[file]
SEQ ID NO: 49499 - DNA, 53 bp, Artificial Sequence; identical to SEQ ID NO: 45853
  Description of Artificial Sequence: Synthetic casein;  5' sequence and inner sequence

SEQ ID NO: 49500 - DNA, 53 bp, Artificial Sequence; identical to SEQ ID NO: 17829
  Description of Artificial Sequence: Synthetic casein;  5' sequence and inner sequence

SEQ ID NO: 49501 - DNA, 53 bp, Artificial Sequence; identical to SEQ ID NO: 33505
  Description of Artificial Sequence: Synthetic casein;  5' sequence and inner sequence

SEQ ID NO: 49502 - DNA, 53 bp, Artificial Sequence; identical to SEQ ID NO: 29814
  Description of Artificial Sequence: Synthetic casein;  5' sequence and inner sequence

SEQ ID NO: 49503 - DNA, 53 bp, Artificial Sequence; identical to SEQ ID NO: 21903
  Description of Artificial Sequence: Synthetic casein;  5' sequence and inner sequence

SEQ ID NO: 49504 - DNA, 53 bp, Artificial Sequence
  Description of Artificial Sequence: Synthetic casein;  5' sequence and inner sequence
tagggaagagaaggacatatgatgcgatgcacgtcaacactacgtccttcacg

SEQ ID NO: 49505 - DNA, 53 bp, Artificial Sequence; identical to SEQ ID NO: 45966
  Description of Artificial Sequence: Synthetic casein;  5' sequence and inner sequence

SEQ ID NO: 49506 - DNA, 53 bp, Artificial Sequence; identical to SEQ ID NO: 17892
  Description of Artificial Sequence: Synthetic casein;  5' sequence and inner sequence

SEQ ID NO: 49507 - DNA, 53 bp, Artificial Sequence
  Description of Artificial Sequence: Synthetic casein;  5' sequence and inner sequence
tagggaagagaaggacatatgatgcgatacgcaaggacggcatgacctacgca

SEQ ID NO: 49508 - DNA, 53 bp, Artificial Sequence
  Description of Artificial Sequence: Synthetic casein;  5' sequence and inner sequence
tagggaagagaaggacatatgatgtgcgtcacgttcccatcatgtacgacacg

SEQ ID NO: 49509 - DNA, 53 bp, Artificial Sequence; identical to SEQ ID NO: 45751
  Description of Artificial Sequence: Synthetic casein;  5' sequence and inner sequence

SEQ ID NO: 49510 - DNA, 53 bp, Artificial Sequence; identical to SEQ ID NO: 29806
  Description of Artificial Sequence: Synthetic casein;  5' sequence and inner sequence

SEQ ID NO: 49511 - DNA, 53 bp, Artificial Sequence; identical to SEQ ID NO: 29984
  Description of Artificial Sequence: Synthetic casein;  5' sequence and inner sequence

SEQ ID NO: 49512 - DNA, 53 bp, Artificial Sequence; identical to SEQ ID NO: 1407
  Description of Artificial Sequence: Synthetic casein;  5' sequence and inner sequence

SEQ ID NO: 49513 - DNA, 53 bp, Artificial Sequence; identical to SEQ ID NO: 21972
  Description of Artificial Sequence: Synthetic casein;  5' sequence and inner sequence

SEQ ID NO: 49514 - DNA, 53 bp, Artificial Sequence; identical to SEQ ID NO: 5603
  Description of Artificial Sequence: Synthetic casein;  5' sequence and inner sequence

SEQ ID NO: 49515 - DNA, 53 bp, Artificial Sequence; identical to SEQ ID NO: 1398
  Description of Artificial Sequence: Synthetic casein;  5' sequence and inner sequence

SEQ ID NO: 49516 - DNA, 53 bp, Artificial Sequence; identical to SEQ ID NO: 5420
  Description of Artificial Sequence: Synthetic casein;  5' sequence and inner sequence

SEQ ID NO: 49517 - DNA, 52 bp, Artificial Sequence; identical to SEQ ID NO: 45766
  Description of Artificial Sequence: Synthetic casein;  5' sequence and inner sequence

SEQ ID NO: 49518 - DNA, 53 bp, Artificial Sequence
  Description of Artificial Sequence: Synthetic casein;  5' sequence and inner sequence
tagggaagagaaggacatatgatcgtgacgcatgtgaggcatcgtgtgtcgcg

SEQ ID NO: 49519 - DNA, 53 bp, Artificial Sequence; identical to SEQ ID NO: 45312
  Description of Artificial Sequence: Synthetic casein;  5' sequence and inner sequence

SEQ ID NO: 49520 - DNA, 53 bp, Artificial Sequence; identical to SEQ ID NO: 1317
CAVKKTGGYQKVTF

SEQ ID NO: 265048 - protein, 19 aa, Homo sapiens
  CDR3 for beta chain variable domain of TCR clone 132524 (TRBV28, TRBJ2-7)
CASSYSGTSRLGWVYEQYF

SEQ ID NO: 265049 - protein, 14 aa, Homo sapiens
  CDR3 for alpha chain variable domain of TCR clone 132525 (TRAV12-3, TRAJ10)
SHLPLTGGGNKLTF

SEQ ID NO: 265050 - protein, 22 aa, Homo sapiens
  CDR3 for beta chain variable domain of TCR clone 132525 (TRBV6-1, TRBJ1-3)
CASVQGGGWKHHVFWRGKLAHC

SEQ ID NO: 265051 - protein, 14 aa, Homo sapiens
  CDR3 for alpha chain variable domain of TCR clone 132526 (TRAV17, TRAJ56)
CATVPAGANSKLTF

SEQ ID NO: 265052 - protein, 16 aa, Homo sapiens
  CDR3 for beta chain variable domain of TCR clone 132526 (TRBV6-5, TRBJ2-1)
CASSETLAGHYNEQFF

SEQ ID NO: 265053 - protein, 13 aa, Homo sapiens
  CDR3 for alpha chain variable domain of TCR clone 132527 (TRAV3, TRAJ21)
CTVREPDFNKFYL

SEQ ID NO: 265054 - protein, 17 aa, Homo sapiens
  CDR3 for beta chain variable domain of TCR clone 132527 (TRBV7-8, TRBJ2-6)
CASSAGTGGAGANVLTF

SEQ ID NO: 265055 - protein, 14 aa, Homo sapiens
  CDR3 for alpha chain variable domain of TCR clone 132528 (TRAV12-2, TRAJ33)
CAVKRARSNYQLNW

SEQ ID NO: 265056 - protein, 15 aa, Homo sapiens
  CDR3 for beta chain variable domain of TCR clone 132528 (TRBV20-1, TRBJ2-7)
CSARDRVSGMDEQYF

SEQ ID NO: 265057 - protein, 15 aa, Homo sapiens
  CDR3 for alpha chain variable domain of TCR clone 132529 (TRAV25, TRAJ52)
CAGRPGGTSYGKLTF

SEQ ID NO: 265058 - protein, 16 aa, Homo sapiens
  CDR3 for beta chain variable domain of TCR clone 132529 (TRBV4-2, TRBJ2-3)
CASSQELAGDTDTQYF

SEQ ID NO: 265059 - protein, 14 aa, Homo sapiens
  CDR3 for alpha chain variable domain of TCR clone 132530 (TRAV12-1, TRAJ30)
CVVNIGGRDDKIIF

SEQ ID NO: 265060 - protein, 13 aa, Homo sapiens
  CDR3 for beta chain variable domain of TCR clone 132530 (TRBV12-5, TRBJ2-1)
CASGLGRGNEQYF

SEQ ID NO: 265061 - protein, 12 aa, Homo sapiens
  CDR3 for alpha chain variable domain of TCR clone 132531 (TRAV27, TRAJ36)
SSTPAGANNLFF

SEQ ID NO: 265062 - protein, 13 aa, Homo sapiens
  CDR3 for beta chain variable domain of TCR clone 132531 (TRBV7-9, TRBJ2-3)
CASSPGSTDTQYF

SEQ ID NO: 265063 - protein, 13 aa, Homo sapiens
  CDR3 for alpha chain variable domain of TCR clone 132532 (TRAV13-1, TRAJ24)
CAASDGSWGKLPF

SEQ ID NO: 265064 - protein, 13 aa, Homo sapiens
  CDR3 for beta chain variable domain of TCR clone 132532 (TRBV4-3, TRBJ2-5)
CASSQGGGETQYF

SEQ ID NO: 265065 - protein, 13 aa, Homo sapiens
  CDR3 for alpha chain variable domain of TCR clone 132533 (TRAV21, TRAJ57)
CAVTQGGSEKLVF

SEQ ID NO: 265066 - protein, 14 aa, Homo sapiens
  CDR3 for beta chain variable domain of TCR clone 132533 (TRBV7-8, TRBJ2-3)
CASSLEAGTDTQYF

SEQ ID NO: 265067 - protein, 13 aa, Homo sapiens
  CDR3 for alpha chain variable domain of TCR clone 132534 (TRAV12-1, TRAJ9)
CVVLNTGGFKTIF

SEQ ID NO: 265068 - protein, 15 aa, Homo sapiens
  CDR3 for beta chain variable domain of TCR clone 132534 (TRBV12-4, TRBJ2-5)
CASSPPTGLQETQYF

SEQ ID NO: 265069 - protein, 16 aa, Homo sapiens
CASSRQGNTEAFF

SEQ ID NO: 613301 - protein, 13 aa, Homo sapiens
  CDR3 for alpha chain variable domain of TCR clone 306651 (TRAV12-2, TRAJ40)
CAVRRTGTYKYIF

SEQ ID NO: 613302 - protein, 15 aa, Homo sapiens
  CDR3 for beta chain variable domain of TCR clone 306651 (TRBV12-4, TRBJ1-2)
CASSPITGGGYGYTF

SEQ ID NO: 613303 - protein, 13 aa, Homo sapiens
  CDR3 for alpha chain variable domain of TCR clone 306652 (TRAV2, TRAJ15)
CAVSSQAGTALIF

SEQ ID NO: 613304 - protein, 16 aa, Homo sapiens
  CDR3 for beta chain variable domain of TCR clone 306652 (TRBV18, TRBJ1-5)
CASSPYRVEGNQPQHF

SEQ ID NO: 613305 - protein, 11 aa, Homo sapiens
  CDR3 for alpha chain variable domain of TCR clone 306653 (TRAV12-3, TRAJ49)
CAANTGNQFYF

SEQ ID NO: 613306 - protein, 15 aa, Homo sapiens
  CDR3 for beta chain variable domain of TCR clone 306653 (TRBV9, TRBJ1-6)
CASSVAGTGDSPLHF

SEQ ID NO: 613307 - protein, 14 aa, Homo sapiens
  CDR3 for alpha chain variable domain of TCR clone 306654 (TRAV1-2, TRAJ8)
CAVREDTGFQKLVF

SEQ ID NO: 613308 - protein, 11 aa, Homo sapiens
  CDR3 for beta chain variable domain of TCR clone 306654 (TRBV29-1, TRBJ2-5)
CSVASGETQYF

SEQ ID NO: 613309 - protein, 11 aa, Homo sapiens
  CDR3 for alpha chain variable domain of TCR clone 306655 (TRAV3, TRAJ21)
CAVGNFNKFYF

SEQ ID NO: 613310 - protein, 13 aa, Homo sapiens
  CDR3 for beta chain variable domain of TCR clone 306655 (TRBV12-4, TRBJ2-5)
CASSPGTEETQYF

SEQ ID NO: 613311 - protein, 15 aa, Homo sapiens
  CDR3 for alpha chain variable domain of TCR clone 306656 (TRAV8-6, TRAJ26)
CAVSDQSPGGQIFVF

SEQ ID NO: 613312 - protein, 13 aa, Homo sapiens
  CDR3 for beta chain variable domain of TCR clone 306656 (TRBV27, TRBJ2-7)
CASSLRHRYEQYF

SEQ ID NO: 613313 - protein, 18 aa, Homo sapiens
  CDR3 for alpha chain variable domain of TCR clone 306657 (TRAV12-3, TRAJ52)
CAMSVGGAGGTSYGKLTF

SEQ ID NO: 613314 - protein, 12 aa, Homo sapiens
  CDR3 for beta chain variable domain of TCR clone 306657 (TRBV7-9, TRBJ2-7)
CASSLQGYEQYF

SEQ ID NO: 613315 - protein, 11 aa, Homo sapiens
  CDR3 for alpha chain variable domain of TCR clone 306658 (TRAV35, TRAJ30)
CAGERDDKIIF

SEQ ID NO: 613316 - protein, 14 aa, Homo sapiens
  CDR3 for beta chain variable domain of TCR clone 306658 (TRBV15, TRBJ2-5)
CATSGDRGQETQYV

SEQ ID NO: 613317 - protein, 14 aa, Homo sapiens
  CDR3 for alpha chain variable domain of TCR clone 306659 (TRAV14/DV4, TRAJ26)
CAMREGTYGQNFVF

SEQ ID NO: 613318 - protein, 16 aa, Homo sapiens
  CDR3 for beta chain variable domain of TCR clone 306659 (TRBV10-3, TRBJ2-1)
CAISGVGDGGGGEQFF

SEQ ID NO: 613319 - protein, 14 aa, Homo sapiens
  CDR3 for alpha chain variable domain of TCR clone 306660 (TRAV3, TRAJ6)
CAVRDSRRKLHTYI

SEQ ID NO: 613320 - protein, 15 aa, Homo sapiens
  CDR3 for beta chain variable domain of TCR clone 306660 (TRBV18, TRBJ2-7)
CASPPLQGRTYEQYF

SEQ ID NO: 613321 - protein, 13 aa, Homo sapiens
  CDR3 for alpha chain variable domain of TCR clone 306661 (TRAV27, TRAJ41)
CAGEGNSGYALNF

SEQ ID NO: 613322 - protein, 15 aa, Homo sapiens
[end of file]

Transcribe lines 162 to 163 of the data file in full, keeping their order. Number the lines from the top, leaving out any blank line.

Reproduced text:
SEQ ID NO: 613317 - protein, 14 aa, Homo sapiens
  CDR3 for alpha chain variable domain of TCR clone 306659 (TRAV14/DV4, TRAJ26)